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This page lists current CPB case updates accessible to the public.

Note: Under the "Justice for All Act of 2004," crime victims have certain rights described here.

US v. United Nuclear Scientific Supplies, et al


Federal Trade Commission (FTC) (CLOSED)

Most recent update: 6/12/08

Tel-2-Net Corp. (aka Tel2Net), a Florida corporation was incorporated in or around December 2003. Tel2Net’s principal place of business was in Miami, Florida. See Justice Department Press Release, 11/5/07, regarding this and other related cases.

United States v. Avril Aronson, Case No. 07-cr-20515 (SD FL)

United States v. Matthew DeRose, Case No. 07-cr-20429 (SD FL)

United States v. Alan Freidman, Case No. 07-cr-20515 (SD FL)

United States v. Martin Hudson, Case No. 07-cr-20869 (SD FL)

United States v. Arthur Tulin, Case No. 05-cr-20137 (SD FL)

United States v. Avril Aronson

On July 9, 2007, Avril Aronson was charged by federal criminal information with 1 count of conspiracy to commit mail fraud. The charges alleged that Avril Aronson participated in business opportunity fraud through telemarketing. The charges were filed in the U.S. District Court for the Southern District of Florida, and involved Avril Aronson's conduct at a fraudulent business opportunity firm called Tel-2-Net Corp.

On July 30, 2007, Avril Aronson pled guilty to 1 count of conspiracy to commit mail fraud. In doing so, Avril Aronson admitted she had engaged in business opportunity fraud through telemarketing.

On January 2, 2008, Avril Aronson was sentenced to 5 months' probation and 600 hours of community service. During her term of probation, Avril Aronson is not permitted to sell business opportunities or engage in telemarketing without approval of the probation office and the Court.

Under federal law restitution is ordered in criminal cases, in general, on the basis of losses a defendant causes and without regard to the defendant's ability to pay the restitution. See 18 U.S.C.' 3664 (f)(1)(A), which provides: "In each order of restitution, the court shall order restitution to each victim in the full amount of each victim's losses as determined by the court and without consideration of the economic circumstances of the defendant." Any payments made by the defendant will go to the Court and will then be shared among victims. Any amount due a victim shall be reduced by any amount the victim recovers for the same loss from any other source. If you have any questions regarding the restitution order, please contact the Federal Probation Office of the Southern District of Florida.

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United States v. Matthew DeRose

On May, 31, 2007, Matthew DeRose was charged by federal criminal information with 1 count of conspiracy to commit mail fraud. The charges alleged that Matthew DeRose participated in business opportunity fraud through telemarketing. Matthew DeRose has also been known as "Matt DeRose." The charges were filed in the U.S. District Court for the Southern District of Florida, and involved Matthew DeRose's conduct at a fraudulent business opportunity firm called Tel-2-Net Corp.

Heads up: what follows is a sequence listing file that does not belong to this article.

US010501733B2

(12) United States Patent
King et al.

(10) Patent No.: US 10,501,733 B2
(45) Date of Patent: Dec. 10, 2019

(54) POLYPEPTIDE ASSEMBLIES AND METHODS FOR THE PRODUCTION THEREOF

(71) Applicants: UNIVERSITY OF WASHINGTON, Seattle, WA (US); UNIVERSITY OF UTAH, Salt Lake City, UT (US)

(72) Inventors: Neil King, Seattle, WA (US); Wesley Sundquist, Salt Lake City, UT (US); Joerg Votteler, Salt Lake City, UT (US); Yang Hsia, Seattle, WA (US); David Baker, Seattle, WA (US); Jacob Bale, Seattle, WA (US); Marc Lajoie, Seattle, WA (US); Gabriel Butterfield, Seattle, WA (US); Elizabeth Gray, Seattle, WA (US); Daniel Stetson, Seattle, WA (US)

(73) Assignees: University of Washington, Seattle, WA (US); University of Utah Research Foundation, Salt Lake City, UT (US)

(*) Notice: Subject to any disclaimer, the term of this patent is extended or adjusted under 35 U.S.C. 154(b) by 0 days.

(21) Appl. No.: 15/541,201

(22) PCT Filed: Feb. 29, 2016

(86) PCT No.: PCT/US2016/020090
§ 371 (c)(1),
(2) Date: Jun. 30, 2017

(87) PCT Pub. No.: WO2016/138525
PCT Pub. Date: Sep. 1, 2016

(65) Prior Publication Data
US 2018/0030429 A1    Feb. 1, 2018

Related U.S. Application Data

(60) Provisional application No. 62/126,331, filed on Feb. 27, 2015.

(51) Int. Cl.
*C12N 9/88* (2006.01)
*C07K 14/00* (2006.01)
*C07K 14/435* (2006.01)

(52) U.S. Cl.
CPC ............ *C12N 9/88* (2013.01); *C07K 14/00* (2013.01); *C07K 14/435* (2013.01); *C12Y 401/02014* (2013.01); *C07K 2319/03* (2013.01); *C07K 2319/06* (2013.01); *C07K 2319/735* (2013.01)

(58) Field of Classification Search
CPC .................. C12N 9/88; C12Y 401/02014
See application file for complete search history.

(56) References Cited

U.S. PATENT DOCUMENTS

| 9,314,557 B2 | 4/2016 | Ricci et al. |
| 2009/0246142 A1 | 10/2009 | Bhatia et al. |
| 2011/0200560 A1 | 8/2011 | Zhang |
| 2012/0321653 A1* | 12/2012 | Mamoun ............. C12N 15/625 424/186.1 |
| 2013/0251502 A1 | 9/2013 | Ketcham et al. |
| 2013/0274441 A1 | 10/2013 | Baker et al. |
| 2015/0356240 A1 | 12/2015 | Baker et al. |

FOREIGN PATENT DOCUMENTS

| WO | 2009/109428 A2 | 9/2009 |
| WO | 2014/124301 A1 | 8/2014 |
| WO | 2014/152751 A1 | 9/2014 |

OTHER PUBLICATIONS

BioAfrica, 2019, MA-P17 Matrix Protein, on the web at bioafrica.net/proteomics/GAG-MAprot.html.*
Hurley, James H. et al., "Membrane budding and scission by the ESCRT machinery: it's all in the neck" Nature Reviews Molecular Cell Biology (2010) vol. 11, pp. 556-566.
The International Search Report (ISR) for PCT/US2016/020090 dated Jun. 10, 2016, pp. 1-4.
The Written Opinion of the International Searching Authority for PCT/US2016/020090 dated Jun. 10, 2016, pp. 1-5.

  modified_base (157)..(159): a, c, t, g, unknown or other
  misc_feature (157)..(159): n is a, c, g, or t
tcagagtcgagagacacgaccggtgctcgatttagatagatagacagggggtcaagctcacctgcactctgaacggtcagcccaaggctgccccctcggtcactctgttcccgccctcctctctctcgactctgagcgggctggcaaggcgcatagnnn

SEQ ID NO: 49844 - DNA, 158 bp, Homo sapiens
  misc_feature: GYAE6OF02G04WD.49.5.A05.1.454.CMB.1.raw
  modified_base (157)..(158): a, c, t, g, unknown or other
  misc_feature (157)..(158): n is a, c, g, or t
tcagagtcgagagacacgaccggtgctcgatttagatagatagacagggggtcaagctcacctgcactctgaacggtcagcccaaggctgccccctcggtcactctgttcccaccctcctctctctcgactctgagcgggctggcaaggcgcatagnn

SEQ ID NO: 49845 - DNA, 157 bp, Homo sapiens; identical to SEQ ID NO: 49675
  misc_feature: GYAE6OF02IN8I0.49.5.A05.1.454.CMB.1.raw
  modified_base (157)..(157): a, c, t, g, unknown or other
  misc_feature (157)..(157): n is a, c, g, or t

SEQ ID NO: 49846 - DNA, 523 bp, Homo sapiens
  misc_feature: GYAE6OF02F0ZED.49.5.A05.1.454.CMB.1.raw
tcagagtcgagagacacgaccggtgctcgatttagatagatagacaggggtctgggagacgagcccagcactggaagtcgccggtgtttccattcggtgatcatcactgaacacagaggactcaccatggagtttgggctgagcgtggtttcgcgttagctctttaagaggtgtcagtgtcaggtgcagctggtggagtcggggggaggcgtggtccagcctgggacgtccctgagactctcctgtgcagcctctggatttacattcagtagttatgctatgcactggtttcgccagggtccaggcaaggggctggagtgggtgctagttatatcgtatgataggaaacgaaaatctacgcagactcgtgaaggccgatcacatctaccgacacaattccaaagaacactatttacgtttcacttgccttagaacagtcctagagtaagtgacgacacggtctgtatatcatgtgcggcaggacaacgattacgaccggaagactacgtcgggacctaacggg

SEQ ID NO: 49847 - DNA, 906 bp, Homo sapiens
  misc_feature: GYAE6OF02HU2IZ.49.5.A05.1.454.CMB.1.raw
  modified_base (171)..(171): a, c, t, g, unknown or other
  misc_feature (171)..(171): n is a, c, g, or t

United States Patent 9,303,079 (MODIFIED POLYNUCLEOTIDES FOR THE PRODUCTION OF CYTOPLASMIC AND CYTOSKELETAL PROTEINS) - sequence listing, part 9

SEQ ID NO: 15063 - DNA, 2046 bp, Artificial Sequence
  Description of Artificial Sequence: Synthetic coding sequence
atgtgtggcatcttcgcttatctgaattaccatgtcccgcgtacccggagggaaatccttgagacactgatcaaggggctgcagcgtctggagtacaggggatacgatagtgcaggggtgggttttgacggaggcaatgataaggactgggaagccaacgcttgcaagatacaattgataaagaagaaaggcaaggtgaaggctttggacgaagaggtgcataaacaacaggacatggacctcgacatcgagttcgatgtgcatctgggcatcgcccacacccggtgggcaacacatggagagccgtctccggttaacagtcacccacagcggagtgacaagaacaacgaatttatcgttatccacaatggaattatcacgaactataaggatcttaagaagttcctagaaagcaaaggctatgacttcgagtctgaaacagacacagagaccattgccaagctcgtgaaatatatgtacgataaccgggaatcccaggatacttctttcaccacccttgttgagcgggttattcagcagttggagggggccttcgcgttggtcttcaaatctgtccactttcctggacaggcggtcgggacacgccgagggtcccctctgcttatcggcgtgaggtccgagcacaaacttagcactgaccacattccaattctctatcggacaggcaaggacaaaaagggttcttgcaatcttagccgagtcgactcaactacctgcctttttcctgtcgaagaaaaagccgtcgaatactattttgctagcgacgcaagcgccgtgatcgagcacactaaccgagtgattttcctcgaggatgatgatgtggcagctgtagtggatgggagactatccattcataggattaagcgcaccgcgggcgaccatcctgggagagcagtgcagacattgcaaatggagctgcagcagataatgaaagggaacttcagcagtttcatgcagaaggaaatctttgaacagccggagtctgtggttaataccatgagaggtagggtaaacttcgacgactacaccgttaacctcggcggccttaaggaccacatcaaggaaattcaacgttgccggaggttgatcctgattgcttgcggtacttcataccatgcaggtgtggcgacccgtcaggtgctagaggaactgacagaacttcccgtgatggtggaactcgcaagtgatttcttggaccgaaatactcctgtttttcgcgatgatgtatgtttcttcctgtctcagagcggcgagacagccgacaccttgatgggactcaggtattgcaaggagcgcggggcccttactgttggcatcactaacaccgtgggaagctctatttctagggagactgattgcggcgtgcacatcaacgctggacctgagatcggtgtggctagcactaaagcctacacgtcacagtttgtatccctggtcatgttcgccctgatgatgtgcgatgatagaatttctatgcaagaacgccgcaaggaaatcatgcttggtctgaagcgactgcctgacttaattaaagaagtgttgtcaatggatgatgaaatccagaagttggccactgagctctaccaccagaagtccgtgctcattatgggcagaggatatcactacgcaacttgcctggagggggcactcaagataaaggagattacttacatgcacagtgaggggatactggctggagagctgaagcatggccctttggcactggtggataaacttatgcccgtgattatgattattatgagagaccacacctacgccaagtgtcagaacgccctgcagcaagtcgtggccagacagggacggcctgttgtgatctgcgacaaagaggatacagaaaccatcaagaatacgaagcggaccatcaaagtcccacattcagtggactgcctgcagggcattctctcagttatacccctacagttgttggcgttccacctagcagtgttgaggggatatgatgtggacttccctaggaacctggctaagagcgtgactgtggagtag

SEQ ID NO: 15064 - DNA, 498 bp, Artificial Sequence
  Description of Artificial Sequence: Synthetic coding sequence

On July 5, 2007, Matthew DeRose pled guilty to 1 count of conspiracy to commit mail fraud. In doing so, Matthew DeRose admitted he had engaged in business opportunity fraud through telemarketing.

On September 17, 2007, Matthew DeRose was sentenced to 18 months' imprisonment, 3 years’ supervised release and $195,583 in restitution. During his term of supervised release, Matthew DeRose is not permitted to sell business opportunities or engage in telemarketing without approval of the probation office and the Court.

Under federal law restitution is ordered in criminal cases, in general, on the basis of losses a defendant causes and without regard to the defendant's ability to pay the restitution. See 18 U.S.C. 3664 (f)(1)(A), which provides: "In each order of restitution, the court shall order restitution to each victim in the full amount of each victim's losses as determined by the court and without consideration of the economic circumstances of the defendant." Any payments made by the defendant will go to the Court and will then be shared among victims. Any amount due a victim shall be reduced by any amount the victim recovers for the same loss from any other source. If you have any questions regarding the restitution order, please contact the Federal Probation Office of the Southern District of Florida.

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United States v. Alan Freidman

On July 9, 2007, Alan Freidman was charged by federal criminal information with 1 count of conspiracy to commit mail fraud. The charges alleged that Alan Freidman participated in business opportunity fraud through telemarketing. The charges were filed in the U.S. District Court for the Southern District of Florida, and involved Alan Freidman's conduct at a fraudulent business opportunity firm called Tel-2-Net Corp.

On July 30, 2007, Alan Freidman pled guilty to 1 count of conspiracy to commit mail fraud. In doing so, Alan Freidman admitted he had engaged in business opportunity fraud through telemarketing.

On January 3, 2008, Alan Freidman was sentenced to 2 months' probation and 600 hours of community service. During his term of probation, Alan Freidman is not permitted to sell business opportunities or engage in telemarketing without approval of the probation office and the Court.